Former Vice President Mike Pence said that he would refuse to testify before the Jan. 6 Committee because Congress has "no right" to his testimony.
Pence made the comments in an interview with Margaret Brennan of CBS News, who asked him whether he would testify as many of his staffers have.
"I served for twelve years in the Congress. It's inconceivable to me that one party would appoint every member of a committee in Congress; that's antithetical to that whole idea of the committee system. That being said, I never stood in the way of senior members of my team cooperating with the committee and testifying," Pence responded.
"But Congress has no right to my testimony," he added.
"We have a separation of powers under the Constitution of the United States, and I believe it would establish a terrible precedent for the Congress to summon a vice president of the United States to speak about deliberations that took place at the White House," Pence said.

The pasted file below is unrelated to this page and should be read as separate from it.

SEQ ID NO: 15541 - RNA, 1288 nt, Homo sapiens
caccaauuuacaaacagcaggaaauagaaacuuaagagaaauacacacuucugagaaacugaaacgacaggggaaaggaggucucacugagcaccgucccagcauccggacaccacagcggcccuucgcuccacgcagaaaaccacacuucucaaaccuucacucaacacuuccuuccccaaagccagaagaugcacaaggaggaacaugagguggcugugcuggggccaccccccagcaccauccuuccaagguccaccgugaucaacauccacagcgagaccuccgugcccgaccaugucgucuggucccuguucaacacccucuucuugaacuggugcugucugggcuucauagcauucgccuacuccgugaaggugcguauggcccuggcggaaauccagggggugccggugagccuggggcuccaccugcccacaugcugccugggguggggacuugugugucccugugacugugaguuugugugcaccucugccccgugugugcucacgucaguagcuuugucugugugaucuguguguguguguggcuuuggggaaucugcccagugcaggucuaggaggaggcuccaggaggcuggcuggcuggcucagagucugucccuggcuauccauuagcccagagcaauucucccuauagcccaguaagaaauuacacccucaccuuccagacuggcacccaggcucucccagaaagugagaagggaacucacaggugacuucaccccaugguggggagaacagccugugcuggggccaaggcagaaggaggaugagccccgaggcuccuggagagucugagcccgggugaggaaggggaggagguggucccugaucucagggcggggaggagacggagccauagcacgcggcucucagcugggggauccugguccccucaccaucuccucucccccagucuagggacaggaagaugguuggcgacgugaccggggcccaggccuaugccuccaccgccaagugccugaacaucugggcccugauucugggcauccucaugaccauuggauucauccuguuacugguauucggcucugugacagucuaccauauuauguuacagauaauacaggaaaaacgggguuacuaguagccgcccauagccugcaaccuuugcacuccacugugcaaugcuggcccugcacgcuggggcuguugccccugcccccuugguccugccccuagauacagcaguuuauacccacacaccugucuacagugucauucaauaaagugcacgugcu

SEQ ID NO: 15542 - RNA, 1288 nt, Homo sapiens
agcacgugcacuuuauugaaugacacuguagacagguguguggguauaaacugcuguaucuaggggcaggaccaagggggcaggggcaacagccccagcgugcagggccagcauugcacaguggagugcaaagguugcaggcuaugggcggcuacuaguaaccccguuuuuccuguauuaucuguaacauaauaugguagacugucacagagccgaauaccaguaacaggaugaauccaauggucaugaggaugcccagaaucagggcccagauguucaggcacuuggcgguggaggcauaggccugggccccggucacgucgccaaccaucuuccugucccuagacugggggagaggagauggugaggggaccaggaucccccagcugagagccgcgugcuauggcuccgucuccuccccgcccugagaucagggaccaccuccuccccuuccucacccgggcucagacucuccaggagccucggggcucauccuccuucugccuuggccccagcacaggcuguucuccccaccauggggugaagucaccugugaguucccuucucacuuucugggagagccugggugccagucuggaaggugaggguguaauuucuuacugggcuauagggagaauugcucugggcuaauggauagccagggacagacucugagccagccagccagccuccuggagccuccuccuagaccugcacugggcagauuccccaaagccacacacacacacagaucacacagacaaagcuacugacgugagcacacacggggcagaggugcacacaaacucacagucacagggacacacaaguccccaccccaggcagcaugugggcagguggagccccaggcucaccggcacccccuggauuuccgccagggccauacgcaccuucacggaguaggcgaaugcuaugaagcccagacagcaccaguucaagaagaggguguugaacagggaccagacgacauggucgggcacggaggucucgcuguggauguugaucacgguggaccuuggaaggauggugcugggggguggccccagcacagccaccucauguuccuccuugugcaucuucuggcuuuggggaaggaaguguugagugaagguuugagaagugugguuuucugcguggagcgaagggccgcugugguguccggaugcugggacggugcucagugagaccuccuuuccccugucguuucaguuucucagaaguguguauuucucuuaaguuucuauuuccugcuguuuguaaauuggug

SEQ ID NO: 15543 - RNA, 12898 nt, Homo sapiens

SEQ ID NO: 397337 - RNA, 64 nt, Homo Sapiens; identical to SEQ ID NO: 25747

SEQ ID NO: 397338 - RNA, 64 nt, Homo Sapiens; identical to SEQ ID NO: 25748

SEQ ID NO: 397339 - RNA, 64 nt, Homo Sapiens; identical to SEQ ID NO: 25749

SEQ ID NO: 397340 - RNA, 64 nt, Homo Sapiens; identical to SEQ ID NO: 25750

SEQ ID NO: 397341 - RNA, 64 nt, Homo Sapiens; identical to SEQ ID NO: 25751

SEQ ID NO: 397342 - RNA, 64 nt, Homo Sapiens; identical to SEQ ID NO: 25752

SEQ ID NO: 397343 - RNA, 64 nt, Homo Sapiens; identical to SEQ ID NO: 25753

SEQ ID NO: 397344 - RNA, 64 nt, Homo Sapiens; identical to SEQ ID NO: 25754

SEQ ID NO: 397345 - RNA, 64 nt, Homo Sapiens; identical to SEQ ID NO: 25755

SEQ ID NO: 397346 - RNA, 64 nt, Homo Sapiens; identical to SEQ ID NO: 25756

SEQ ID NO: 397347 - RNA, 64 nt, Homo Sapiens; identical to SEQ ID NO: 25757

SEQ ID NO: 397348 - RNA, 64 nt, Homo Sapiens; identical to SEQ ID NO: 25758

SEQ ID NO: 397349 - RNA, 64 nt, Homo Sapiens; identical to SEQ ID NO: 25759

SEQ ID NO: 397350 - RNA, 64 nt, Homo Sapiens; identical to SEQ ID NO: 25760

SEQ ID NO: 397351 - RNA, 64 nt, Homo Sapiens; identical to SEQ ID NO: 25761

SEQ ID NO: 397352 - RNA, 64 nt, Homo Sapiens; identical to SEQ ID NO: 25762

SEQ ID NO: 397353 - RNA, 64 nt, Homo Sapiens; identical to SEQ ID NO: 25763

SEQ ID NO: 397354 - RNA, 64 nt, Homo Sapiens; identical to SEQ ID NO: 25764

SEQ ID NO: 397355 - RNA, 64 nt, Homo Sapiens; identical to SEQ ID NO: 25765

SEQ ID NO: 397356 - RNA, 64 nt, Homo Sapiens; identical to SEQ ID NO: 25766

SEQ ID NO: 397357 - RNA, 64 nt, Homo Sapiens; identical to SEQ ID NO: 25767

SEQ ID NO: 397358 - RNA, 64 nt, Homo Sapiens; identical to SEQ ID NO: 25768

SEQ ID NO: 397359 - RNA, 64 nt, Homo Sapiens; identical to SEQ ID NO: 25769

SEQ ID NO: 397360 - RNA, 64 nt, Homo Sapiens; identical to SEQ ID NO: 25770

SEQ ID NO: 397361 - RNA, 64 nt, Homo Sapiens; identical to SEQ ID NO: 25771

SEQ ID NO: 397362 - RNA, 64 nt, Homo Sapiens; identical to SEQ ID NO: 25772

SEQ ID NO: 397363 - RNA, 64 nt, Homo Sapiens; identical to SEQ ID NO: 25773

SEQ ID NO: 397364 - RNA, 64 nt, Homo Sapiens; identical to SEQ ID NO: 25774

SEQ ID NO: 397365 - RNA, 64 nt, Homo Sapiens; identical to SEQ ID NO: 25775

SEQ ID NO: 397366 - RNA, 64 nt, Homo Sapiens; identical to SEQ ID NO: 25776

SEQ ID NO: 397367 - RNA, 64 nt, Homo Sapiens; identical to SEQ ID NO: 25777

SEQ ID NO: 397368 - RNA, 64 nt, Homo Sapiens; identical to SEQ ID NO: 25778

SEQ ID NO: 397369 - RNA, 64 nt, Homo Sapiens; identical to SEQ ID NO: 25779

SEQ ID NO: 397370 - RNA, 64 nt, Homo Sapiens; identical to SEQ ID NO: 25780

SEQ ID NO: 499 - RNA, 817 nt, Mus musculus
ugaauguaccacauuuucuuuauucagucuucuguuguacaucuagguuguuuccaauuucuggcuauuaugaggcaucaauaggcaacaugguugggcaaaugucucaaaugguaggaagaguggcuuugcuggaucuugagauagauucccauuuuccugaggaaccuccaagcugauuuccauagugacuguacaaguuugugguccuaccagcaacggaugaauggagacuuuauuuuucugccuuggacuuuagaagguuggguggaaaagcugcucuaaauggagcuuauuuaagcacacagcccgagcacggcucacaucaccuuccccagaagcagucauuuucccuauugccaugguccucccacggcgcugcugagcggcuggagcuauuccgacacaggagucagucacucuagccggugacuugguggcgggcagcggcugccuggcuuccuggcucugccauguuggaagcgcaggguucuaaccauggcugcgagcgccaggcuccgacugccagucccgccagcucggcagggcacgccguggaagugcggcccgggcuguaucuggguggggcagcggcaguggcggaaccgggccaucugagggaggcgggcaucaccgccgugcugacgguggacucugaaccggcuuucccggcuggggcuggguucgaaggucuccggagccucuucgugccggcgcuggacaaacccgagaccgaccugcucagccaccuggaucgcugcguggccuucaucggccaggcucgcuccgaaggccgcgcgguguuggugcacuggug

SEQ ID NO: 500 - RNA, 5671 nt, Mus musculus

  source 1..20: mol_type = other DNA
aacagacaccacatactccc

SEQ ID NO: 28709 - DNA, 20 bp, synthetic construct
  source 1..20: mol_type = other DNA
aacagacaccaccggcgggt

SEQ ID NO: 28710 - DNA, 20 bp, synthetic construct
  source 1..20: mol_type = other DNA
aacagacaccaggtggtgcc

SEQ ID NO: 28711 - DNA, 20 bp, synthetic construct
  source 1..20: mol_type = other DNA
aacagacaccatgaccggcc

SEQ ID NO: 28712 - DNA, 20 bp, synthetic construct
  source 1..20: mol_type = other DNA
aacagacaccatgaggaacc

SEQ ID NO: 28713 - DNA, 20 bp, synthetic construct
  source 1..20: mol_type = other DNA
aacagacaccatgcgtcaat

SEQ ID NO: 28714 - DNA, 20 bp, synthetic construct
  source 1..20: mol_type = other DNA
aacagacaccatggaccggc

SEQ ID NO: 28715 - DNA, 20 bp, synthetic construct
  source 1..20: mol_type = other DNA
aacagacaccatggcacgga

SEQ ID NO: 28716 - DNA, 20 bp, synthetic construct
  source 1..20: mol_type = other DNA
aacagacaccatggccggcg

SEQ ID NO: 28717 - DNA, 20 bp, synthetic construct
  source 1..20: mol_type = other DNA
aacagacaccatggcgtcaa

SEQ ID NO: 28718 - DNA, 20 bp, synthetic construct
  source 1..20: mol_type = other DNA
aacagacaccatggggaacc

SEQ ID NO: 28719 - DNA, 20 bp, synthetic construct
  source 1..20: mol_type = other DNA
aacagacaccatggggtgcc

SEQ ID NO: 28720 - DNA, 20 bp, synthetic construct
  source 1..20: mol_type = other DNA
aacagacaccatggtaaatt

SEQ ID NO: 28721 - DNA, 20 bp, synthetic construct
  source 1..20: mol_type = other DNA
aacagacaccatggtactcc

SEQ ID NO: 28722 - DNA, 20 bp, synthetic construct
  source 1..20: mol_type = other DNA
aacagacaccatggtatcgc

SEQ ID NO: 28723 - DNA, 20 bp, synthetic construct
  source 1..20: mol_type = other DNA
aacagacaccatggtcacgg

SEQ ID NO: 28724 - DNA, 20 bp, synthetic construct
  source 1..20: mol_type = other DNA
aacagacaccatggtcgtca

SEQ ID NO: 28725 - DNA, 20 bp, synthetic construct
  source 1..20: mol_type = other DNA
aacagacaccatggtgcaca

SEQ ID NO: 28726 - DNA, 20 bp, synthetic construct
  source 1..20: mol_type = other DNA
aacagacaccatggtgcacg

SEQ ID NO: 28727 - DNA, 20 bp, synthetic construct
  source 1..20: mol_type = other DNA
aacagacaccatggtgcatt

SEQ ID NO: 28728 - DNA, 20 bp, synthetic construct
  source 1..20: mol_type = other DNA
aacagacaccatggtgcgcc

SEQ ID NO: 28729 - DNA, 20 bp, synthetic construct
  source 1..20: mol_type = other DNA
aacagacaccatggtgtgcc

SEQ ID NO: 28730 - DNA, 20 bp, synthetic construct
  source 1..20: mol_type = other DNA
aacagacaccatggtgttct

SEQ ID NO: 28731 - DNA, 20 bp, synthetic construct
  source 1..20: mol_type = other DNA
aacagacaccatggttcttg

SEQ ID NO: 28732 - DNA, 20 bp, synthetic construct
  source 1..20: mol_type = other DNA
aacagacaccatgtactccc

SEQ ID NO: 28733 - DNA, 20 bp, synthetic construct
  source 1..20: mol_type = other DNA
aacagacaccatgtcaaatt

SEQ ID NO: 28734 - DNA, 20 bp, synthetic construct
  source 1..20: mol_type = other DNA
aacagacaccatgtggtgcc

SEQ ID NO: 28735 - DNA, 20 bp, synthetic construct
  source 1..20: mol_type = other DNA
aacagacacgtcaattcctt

"So you're closing the door on that entirely?" Brennan asked.
"I'm closing the door on that," he said.
"But I must say again the partisan nature of the January 6 Committee has been a disappointment to me. It seemed to me in the beginning there was an opportunity to examine every aspect of what happened on January 6 and to do so more in the spirit of the 9-11 Commission, non-partisan, non-political," Pence added.
"And that was an opportunity lost," he concluded.
Video showed that some of the rioters on Jan. 6 chanted, "Hang Mike Pence," and a confidential witness for the FBI said that rioters were seeking to kill Pence for not helping overturn the official results of the election.
The committee will likely be disbanded after the newest term of Congress begins, since Republicans have narrowly seized control of the House of Representatives. In October, the committee voted unanimously to subpoena former President Donald Trump to have him testify about his possible role in the events of the rioting on January 6.